By: Erin Shea, @BH_EShea
"Thoroughbreds are too high-strung." "Thoroughbreds have horrible habits from being in so many places." "Thoroughbreds are too big and can't make tight turns."
Those quotes are just a sample that riders of off-track Thoroughbreds have heard while revealing their mounts' former lives. But those who know the truth about riding OTTBs are trying to change that perception of the breed and show off what their horses can do in their sport.
"I feel the biggest misconception is that (Thoroughbreds) are only good for running at the track," said Mallory Cortes, an off-track Thoroughbred owner who competes in barrel racing. "I feel that the only way to change the way people talk about (OTTBs) is to show them there's more to these horses."
While it's very common to see off-track Thoroughbreds competing in hunter/jumper rings (where they were the dominant breed 15 years ago), eventing (their stamina and speed help them along a grueling cross country course), or any other English discipline, it's less common to see Thoroughbreds competing against their Quarter Horse rivals in Western events.
"If I tell (people) my horse is a Thoroughbred, they're mostly surprised," said Ashlee Wolf, a western competitor who also works at various racetracks with her boyfriend, trainer Heath Lawrence. "And then they make comments—'he's calm' or 'he's pretty quick'—stuff like that. They don't realize that these horses are just as versatile as a Quarter Horse."
With the build of the two breeds seemingly opposites—the shorter, stockier Quarter Horse versus the longer, leaner Thoroughbred—it could seem at first glance that a Thoroughbred wouldn't be competitive in western events, many of which require short bursts of speed and tighter turns than most racing ovals offer. However, OTTB competitors say with the time and patience of retraining, Thoroughbreds are able to go toe-to-toe with Quarter Horses in western events.
"I love a Quarter Horse too, but I feel like you can do more with a Thoroughbred," Wolf said. "They can go longer, they're way more willing, and for the most part, they are sound and kind."
Ashlee Wolf cross trains Fishinkonablue in western events when he's not at the track. Photo courtesy of Ashlee Wolf.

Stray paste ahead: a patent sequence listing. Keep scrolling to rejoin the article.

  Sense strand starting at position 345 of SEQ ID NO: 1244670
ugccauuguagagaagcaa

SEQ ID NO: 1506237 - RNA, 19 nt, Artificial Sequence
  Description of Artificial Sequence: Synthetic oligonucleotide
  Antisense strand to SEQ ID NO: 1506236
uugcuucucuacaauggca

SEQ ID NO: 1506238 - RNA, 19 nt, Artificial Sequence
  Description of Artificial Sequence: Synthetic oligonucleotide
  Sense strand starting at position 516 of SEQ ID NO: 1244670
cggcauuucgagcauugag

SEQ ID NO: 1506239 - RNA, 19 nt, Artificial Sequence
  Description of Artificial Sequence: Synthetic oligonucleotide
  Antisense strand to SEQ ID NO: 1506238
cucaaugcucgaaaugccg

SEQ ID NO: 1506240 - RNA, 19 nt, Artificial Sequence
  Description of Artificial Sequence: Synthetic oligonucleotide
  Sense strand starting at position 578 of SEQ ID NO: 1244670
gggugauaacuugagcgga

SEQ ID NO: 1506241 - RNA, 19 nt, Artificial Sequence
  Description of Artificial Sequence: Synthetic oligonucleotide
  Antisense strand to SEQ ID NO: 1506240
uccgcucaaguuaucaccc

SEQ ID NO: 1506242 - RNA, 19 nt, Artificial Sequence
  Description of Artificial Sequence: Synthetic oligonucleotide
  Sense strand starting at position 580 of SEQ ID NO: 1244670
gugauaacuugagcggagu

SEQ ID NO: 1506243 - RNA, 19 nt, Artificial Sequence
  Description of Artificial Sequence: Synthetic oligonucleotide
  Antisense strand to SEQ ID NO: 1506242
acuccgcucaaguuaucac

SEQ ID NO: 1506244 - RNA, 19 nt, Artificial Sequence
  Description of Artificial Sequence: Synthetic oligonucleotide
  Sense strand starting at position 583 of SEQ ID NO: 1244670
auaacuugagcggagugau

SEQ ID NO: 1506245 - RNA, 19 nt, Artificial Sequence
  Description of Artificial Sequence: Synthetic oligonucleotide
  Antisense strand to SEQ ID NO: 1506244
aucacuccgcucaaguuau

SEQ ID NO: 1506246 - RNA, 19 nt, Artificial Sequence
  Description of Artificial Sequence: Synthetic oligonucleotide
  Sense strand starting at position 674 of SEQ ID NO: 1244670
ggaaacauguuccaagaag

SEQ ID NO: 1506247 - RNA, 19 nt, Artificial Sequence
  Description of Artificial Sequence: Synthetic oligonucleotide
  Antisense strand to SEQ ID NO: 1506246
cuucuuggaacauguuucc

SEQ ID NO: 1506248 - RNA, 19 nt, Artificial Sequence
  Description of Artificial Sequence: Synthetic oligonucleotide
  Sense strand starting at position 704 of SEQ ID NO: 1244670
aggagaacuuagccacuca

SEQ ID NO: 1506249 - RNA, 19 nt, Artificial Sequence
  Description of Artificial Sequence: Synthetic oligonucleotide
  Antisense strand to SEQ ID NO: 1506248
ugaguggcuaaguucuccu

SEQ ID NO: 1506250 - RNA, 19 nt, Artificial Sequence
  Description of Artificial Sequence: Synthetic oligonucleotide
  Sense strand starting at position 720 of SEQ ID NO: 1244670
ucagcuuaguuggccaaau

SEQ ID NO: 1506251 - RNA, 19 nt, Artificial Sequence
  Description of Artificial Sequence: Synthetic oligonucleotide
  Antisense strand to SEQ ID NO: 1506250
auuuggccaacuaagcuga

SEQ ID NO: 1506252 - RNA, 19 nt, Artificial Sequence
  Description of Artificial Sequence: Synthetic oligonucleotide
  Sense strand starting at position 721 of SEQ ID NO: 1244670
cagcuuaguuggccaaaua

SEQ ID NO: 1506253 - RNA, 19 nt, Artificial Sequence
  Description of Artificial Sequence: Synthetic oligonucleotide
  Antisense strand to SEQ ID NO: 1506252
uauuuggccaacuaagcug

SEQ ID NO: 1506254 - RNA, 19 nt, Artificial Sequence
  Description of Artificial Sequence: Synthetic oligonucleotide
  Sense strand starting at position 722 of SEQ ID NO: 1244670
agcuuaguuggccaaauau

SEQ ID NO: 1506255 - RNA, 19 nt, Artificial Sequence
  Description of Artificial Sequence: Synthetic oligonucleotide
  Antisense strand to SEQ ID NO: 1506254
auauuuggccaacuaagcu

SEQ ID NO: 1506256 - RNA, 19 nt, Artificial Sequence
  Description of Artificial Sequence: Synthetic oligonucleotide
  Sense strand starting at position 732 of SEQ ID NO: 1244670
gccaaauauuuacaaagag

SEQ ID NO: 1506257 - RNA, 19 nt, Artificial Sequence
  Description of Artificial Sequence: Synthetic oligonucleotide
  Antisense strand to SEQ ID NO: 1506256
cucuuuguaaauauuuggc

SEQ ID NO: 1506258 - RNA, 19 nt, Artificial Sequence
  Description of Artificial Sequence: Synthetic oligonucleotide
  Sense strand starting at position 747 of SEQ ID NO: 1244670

Wolf and Cortes both participate in actively combating the stigma of using OTTBs in western events by choosing to show and retrain OTTBs. They showcase their horses' skills as page promoters for the Instagram account OTTB Western, which promotes the use of Thoroughbreds in western sports using images, features, and training tips.
"Most people connect the Thoroughbred to english disciplines over western. I think it's from the idea that they are high-strung, thin-framed, and not as hardy as the traditional Quarter Horse, which is far from the truth," said another page OTTB Western promoter and competitor, Kayla Zielke. "(The page) has been doing everything we can to change this perception and show the other half. These horses are capable of doing everything equally, if not better than many Quarter Horses. The more Thoroughbreds we get out in western disciplines and showing what they can do the better."
And for Zielke, the breed's work ethic and "been there, done that" attitude are attractive qualities for a competition horse.
"(Thoroughbreds) have an incredible work ethic," she said. "You can work them all day and they will still keep going. The nicest thing about track-broke horses is that they are so broke to everyday stuff from living at the track—bathing, farrier work, flags flapping, horses everywhere—they don't bat an eye at the chaos."
"Honestly, social media is excellent," Wolf echoed about being able to show off OTTBs to a wider horse-loving audience online. "It's so good for the whole western Thoroughbred market."